The reality of the climate crisis is an undeniable truth: average global temperatures are increasing due to emissions of greenhouse gases released by human activities.

Rising temperatures bring with them increasingly frequent and severe weather events like droughts, wildfires and storms, devastating the natural world, people’s lives, and their livelihoods. The verdict is in, and the science is clear: we must take bold action to protect our world from the worst effects of climate change. 

And yet, many conversations about the climate crisis are still stuck in a different reality, where urgency is minimised, and the science is called into question. This is in part because of climate disinformation.

Definition

Climate disinformation and misinformation refers to deceptive or misleading content that:

> Undermines the existence or impacts of climate change, the unequivocal human influence on climate change, and the need for corresponding urgent action according to the IPCC scientific consensus and in line with the goals of the Paris Climate Agreement

> Misrepresents scientific data, including by omission or cherry-picking, in order to erode trust in climate science, climate-focused institutions, experts, and solutions; or

> Falsely publicises efforts as supportive of climate goals that in fact contribute to climate warming or contravene the scientific consensus on mitigation or adaptation.

This definition was developed by Climate Action Against Disinformation.

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More than just climate change denial

Often when people hear the term ‘climate disinformation’ they think of climate change denial – which argues that climate change is not real or that it is not caused by humans. But this is only one form of climate disinformation.

Increasingly, those who are corrupting the conversation on climate use ‘distract and delay’ tactics to hold us back and delay action. These are subtler narratives but are no less damaging: they do not deny the existence of climate warming, but instead attack measures to combat the crisis, question the integrity of climate scientists, and argue that environmentalists are alarmist.

You may have heard some of these narratives before:

  • “Renewable energy doesn’t work”
  • “Environmentalists are hysterical”
  • “Net Zero is bad for the economy”

These misrepresentations have consequences.

Research shows that climate disinformation is a primary contributor to public polarisation over the climate crisis, and that it shapes public attitudes toward climate science. Individuals who are exposed to this kind of disinformation are less likely to support mitigation policies, hindering the ability of policymakers to take meaningful climate action.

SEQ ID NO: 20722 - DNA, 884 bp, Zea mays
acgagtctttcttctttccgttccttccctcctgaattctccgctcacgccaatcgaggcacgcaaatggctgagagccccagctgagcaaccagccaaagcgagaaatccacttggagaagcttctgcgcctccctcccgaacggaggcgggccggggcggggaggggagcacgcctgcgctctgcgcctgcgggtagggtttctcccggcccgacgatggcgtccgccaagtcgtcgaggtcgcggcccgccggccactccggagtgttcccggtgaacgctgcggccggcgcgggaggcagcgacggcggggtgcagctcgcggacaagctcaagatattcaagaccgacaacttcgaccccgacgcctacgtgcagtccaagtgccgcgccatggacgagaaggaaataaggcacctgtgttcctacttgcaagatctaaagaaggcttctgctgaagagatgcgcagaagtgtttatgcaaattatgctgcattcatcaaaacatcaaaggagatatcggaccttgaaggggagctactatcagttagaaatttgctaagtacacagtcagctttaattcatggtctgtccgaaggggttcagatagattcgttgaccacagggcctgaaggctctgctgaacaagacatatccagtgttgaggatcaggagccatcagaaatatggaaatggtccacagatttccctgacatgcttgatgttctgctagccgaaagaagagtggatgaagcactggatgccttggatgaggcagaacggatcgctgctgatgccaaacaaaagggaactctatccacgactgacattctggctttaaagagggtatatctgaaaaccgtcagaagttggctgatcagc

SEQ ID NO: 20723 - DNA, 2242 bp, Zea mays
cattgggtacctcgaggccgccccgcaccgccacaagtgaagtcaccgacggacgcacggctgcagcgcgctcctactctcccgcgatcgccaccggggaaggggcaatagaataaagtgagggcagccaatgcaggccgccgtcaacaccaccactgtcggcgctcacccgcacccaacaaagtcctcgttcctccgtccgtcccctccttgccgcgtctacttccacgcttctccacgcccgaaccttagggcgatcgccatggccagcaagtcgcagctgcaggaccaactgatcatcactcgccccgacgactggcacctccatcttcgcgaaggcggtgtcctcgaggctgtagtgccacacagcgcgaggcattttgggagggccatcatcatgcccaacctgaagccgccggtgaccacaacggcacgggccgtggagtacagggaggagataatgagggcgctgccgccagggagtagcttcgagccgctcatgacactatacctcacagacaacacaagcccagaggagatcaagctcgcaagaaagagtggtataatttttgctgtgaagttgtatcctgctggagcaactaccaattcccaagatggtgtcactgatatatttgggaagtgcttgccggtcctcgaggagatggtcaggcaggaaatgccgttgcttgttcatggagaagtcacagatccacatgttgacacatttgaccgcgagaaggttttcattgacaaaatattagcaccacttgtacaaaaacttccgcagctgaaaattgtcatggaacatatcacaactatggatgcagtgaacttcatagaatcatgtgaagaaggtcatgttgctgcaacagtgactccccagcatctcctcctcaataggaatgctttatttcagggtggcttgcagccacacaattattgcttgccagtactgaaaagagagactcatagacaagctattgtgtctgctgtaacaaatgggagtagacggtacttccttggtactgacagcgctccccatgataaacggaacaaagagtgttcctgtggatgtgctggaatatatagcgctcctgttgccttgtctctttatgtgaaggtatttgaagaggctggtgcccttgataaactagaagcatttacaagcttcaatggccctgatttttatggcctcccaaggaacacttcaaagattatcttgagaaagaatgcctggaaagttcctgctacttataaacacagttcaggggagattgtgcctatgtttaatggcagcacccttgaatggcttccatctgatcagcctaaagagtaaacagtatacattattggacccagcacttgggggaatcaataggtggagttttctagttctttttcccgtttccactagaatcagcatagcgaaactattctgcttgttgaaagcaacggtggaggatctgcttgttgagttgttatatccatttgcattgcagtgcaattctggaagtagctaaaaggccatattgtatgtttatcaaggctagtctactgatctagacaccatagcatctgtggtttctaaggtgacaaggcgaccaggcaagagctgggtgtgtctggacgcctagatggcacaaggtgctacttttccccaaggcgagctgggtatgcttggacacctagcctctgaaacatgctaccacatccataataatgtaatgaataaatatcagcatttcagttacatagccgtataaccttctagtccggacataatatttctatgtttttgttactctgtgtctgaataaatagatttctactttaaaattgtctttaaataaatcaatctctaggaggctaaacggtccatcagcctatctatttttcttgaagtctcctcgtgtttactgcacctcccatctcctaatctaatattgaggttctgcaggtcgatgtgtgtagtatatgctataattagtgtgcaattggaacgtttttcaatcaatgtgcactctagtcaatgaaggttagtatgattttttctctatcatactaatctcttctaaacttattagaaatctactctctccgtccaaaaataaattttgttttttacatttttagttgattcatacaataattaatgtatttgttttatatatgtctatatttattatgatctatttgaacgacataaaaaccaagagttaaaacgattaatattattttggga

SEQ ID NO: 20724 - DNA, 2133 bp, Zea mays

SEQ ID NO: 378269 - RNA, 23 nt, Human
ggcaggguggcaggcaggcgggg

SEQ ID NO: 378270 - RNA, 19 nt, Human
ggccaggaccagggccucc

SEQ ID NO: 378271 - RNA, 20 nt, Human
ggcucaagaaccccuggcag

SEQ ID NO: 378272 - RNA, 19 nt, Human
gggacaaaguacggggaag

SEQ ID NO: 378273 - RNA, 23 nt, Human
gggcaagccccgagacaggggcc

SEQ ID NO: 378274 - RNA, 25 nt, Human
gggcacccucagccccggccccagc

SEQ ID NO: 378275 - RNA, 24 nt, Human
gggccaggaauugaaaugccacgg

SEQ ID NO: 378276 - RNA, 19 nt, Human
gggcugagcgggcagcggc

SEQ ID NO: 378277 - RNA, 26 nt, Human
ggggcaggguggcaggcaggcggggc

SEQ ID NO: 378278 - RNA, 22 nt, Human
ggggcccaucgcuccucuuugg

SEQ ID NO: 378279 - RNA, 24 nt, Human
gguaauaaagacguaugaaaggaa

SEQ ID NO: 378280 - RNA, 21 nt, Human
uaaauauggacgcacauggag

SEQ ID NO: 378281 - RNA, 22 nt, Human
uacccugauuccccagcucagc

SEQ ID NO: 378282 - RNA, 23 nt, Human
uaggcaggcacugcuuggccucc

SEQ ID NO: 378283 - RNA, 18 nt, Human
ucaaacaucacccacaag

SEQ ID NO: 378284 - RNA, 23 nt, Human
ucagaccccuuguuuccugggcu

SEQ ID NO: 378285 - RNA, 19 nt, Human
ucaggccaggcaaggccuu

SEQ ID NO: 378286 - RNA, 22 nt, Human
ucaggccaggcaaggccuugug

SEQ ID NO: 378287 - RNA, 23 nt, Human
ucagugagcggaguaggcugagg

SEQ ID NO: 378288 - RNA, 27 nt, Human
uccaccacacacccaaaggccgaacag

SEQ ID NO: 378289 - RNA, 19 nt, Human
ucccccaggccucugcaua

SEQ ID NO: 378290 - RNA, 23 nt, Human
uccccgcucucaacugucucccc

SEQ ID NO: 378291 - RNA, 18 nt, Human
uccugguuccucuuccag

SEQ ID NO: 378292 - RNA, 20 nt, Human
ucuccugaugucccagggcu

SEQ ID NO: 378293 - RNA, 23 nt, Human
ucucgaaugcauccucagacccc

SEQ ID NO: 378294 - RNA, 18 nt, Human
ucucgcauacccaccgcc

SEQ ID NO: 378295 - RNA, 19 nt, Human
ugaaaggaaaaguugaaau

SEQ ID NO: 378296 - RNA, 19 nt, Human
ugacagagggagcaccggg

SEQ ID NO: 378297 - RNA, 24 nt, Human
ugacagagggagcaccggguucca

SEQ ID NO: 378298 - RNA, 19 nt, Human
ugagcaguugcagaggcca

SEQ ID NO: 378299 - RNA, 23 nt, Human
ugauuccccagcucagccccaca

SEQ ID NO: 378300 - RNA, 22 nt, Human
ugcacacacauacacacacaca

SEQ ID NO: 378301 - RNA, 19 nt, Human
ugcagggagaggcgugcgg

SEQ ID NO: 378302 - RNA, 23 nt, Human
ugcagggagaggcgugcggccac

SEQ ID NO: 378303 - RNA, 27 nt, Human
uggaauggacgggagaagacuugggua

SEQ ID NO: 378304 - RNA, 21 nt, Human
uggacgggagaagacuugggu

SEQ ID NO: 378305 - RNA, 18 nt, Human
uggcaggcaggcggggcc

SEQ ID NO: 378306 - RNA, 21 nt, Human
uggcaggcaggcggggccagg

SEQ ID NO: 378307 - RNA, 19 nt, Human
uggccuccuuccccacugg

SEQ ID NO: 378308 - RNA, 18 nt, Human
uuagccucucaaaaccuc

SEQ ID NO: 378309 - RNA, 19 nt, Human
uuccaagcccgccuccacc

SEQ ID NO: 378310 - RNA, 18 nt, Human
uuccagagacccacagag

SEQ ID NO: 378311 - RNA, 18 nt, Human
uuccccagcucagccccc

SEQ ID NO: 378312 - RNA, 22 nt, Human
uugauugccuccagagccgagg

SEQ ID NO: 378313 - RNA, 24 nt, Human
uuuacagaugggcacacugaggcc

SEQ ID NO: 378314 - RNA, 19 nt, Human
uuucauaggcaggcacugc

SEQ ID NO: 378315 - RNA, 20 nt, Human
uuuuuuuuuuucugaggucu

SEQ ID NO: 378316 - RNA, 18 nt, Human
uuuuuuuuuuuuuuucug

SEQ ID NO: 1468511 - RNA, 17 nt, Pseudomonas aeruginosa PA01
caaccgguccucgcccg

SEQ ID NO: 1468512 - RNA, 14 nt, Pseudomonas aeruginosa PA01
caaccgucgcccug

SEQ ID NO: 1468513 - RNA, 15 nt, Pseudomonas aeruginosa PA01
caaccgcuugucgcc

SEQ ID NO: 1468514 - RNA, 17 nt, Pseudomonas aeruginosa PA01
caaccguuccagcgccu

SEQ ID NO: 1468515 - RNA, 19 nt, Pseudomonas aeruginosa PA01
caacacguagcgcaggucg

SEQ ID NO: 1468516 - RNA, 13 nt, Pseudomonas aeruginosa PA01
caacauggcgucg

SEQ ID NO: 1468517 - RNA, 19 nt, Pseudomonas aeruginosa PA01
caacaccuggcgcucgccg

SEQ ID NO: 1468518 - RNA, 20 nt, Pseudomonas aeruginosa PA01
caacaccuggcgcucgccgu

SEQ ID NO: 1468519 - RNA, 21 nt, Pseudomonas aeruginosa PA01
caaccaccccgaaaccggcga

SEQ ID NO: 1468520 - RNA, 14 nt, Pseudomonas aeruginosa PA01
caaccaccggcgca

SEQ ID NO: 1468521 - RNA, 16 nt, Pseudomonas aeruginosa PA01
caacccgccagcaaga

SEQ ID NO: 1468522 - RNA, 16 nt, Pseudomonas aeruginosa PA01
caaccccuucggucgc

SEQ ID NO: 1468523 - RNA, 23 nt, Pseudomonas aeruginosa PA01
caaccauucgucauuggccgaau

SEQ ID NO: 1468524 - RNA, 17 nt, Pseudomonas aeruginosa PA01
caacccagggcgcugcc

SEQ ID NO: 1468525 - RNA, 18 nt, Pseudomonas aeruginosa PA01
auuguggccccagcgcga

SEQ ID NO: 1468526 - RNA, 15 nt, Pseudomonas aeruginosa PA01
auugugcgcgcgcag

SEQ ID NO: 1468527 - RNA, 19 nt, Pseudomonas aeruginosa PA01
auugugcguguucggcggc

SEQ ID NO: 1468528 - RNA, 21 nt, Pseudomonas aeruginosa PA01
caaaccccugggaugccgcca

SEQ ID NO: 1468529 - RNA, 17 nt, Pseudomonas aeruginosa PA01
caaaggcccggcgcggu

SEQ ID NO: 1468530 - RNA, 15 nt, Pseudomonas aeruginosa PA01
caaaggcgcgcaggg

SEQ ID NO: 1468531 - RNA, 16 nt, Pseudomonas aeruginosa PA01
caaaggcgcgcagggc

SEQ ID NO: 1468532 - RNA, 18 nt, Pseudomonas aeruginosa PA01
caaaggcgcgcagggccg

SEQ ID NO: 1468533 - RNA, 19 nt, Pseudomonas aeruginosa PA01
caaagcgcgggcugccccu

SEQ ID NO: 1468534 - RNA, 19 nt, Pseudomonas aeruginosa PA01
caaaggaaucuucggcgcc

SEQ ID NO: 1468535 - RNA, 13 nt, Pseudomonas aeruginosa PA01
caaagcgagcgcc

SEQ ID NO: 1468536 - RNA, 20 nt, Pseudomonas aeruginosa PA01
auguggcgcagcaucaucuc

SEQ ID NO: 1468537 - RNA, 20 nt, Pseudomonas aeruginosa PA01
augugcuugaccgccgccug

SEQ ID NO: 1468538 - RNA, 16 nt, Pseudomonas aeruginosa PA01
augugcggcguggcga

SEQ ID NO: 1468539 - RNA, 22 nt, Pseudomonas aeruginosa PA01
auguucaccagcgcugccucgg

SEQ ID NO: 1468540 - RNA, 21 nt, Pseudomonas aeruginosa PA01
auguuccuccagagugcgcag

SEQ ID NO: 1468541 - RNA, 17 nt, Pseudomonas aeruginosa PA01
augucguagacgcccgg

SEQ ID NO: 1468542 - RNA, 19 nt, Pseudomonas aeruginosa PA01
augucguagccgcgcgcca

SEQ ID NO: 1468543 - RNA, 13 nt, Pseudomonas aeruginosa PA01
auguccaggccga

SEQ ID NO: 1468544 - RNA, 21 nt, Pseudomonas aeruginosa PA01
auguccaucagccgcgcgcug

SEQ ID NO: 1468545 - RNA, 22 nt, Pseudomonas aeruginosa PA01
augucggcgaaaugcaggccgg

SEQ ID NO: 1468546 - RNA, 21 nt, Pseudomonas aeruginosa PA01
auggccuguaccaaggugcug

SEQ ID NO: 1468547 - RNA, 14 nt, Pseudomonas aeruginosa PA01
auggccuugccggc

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Big Tech’s business model is amplifying climate disinformation

Increasingly, pundits and vested interests are polarising debate around climate action by using ‘culture war’ tactics to distort the conversation and divide public opinion. This division is abetted by the role of Big Tech in spreading and amplifying climate disinformation across social media.

The Big Tech platforms' toxic business model - which relies on surveillance and engagement for profit - encourages the spread of extreme and outrageous content, and can isolate individuals into ‘filter bubbles’ where they are not presented with information that challenges their existing world view.

In this environment, climate solutions become contested, obscured, and doubted - making it harder for campaigners, citizens, and scientists to make their case, and for politicians to be as bold as they need to be. Left unchecked, climate disinformation is altering the contours of political discourse.

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We need to break through the filter bubble

Tackling the global challenge of the climate crisis requires cooperation. It requires citizens who are informed and engaged, and who are willing to back politicians who take the issue of climate change seriously. We need shared understanding, trust in the science, and a common sense of motivation and urgency to protect our planet. 

2021 witnessed the Earth’s hottest month on record, deadly flooding in Germany and Belgium,  a wildfire so large that it generated its own weather patterns, and a heat-dome in the Pacific Northwest that caused billions of shellfish to boil alive. As the IPCC’s most recent report makes abundantly clear, the climate crisis isn’t coming, it’s already begun.

To meet the magnitude of this moment, it is imperative that policy makers take swift and transformative action to mitigate the worst effects of the climate crisis. We cannot allow their ability to do so to be hindered by an information ecosystem that promotes climate disinformation and that drives climate sceptics toward more disinformation weakening public support for climate action and wasting time we don’t have.